MoEs also come with their own set of challenges, especially in terms of fine-tuning and memory requirements. The fine-tuning process can be difficult due to the model’s complexity, with the need to balance expert usage during training to properly train the gating weights to select the most relevant ones. In terms of memory, even though only a fraction of the total parameters are used during inference, the entire model, including all experts, needs to be loaded into memory, which requires high VRAM capacity.

More specifically, there are two essential parameters when it comes to MoEs:

  • Number of experts (num_local_experts): This determines the total number of experts in the architecture (e.g., 8 for Mixtral). The higher the number of experts, the higher the VRAM usage.
  • Number of experts/token (num_experts_per_tok): This determines the number of experts that are engaged for each token and each layer (e.g., 2 for Mixtral). There is a tradeoff between a high number of experts per token for accuracy (but diminishing returns) vs. a low number for fast training and inference.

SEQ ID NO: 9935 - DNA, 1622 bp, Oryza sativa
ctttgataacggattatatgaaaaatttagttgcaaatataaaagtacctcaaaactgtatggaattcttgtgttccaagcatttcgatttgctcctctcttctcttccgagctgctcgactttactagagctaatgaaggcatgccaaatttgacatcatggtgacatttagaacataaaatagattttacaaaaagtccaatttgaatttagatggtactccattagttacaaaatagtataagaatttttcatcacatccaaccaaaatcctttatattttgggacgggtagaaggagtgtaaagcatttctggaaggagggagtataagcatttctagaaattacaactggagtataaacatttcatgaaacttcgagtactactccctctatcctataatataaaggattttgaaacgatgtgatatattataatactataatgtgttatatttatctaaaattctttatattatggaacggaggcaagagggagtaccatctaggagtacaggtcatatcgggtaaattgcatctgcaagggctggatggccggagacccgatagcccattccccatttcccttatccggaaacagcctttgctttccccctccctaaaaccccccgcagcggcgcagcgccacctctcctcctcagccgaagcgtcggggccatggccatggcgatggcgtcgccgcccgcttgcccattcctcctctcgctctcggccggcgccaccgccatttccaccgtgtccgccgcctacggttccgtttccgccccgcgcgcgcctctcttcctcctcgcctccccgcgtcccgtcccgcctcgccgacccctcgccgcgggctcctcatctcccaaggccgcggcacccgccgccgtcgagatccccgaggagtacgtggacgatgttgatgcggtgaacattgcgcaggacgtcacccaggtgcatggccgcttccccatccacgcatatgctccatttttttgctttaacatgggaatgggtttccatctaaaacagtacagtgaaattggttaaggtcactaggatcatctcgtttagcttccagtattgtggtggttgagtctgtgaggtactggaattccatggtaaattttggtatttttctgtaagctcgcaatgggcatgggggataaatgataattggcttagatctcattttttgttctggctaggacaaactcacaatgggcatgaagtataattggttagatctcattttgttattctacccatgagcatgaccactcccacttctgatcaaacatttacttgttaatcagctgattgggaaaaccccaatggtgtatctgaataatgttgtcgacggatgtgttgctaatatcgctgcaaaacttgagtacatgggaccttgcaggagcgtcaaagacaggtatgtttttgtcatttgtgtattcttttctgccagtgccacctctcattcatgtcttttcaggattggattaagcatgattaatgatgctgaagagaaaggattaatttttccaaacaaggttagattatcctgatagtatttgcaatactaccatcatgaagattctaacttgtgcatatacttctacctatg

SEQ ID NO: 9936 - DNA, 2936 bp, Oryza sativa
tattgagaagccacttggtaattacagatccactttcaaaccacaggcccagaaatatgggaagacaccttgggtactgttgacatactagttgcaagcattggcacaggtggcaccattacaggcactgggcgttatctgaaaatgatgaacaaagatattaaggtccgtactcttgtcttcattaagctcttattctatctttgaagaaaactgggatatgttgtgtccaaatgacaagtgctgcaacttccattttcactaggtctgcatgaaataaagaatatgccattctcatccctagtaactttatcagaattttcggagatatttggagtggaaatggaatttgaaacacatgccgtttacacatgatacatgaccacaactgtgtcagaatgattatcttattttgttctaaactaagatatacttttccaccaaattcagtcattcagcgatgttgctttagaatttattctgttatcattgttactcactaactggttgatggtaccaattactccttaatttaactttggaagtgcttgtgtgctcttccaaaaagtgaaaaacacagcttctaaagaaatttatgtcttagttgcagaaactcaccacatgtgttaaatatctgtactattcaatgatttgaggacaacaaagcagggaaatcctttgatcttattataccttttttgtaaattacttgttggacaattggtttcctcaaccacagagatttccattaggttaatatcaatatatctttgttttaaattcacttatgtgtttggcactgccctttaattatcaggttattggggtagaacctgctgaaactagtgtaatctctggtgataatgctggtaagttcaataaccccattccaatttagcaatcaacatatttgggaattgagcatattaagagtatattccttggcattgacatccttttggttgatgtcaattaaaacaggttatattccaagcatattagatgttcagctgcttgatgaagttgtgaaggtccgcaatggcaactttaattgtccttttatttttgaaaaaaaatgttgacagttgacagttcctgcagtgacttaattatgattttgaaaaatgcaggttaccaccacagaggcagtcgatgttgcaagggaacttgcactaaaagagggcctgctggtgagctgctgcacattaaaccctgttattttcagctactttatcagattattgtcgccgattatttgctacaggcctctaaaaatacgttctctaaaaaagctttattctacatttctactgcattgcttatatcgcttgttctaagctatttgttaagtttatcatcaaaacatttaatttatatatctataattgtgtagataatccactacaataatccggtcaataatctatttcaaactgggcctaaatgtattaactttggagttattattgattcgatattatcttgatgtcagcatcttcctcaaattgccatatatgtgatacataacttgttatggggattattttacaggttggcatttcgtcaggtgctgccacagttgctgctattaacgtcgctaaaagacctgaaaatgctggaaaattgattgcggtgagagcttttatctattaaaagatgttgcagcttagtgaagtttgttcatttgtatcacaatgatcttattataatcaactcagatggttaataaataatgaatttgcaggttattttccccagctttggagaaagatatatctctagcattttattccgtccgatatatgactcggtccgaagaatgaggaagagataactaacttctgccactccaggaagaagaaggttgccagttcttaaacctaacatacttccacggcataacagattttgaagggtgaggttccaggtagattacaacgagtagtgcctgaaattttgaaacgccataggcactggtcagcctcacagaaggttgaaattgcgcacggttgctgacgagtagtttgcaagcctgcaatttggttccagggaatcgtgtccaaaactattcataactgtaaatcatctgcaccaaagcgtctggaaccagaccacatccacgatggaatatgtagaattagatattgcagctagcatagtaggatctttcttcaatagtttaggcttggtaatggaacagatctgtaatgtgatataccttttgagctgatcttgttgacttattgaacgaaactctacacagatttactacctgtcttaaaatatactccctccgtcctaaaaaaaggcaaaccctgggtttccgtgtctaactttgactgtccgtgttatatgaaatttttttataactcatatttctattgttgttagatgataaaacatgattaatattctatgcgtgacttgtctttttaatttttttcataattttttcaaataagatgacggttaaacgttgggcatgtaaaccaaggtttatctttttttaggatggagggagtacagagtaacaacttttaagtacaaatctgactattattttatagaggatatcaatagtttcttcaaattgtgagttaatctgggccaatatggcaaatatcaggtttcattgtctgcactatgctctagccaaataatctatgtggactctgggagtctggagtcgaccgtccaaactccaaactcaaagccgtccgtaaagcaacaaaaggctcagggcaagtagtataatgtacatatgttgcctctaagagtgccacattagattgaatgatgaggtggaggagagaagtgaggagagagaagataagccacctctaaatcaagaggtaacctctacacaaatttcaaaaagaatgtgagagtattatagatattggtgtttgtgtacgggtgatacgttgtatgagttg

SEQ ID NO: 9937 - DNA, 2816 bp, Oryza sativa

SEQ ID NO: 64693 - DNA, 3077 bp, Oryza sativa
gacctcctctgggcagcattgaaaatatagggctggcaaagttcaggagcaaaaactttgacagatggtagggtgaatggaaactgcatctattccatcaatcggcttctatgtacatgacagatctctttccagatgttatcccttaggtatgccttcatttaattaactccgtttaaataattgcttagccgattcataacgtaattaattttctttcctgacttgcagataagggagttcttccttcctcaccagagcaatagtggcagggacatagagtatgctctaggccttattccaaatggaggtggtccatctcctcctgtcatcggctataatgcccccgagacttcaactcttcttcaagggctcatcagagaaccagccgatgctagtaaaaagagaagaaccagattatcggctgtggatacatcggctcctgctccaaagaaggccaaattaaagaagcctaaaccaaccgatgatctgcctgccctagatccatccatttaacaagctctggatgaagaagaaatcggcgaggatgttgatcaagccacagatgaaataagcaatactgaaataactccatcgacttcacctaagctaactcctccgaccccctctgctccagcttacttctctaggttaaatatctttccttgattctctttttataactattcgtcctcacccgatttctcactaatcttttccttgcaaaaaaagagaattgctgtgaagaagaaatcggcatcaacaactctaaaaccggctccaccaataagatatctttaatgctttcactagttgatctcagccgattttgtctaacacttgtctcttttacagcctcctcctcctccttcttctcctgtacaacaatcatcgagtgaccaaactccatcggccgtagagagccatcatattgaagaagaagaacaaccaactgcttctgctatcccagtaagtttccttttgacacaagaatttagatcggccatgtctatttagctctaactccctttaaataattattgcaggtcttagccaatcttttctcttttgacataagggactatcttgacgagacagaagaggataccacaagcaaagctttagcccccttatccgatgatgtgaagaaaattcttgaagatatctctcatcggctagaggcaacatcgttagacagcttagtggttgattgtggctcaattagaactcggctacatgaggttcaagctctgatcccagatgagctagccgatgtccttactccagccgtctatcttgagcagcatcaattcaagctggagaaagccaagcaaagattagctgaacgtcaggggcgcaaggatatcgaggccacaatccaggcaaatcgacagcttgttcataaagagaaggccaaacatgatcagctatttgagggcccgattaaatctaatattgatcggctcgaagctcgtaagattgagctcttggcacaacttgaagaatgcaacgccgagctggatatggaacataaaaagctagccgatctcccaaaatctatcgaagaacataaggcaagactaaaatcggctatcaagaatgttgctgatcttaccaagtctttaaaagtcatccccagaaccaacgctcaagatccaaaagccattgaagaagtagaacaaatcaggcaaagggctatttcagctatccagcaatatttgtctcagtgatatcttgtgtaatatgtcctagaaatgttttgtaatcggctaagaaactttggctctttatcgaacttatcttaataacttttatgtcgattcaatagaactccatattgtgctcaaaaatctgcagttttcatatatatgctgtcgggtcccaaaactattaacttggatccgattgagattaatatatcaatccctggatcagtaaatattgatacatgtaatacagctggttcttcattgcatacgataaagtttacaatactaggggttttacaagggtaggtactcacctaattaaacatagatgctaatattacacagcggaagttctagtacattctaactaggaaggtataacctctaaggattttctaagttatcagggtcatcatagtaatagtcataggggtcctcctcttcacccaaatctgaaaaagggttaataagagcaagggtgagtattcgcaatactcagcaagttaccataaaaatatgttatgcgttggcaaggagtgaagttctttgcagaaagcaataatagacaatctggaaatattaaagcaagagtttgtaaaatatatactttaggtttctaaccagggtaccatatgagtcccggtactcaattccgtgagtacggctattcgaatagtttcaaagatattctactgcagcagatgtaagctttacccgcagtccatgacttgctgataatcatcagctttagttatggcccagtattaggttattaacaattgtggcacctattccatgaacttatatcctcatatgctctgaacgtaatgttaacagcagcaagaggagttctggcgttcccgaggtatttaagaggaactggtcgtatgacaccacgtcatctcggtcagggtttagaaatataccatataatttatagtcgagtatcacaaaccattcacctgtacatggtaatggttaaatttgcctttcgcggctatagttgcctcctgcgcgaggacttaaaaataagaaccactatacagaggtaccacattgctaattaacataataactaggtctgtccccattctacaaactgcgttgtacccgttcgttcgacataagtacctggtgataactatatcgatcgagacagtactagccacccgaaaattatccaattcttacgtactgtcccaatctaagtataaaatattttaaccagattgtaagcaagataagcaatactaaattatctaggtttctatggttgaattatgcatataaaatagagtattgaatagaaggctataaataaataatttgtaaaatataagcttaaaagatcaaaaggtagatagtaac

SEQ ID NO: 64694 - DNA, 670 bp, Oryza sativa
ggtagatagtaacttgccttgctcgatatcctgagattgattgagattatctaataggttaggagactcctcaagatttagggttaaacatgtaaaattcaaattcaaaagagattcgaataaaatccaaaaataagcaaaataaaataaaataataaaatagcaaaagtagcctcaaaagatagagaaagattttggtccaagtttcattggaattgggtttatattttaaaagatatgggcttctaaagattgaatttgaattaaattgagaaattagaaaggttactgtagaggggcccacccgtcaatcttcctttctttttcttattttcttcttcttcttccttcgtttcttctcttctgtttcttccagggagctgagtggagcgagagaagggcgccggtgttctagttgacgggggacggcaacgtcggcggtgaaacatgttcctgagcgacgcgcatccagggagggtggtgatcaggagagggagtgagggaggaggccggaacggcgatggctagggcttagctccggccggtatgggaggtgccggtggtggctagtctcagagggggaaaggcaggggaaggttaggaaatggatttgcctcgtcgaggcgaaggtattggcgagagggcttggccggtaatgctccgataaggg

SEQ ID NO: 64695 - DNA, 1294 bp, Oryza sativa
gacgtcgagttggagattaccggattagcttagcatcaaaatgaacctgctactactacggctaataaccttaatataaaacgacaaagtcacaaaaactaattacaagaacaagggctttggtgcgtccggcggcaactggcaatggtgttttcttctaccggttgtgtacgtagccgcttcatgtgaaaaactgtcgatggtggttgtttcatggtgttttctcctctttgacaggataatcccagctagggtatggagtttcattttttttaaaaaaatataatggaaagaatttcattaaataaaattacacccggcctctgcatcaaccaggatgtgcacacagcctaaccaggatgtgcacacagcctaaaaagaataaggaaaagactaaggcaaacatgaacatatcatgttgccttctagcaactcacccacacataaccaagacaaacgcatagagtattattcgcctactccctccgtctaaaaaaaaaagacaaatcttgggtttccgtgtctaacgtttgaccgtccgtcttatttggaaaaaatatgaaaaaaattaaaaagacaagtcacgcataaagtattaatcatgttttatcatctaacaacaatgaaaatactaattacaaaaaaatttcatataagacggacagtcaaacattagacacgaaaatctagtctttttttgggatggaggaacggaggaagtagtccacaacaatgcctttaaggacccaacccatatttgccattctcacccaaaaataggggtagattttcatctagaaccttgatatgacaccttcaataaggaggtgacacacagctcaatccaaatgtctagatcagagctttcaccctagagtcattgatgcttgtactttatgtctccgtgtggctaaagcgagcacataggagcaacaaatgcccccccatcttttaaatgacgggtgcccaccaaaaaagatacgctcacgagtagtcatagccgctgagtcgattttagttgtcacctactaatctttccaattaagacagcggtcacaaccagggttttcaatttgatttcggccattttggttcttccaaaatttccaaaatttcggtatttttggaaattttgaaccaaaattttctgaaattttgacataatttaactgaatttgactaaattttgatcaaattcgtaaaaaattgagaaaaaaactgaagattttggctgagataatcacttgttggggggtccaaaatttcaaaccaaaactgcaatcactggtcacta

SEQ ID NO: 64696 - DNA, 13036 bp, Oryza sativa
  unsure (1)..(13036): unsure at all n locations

Historically, MoEs have underperformed dense models. However, the release of Mixtral-8x7B in December 2023 shook things up and showed impressive performance for its size. Additionally, GPT-4 is also rumored to be an MoE, which would make sense as it would be a lot cheaper to run and train for OpenAI compared to a dense model. In addition to these recent excellent MoEs, we now have a new way of creating MoEs with MergeKit: frankenMoEs, also called MoErges.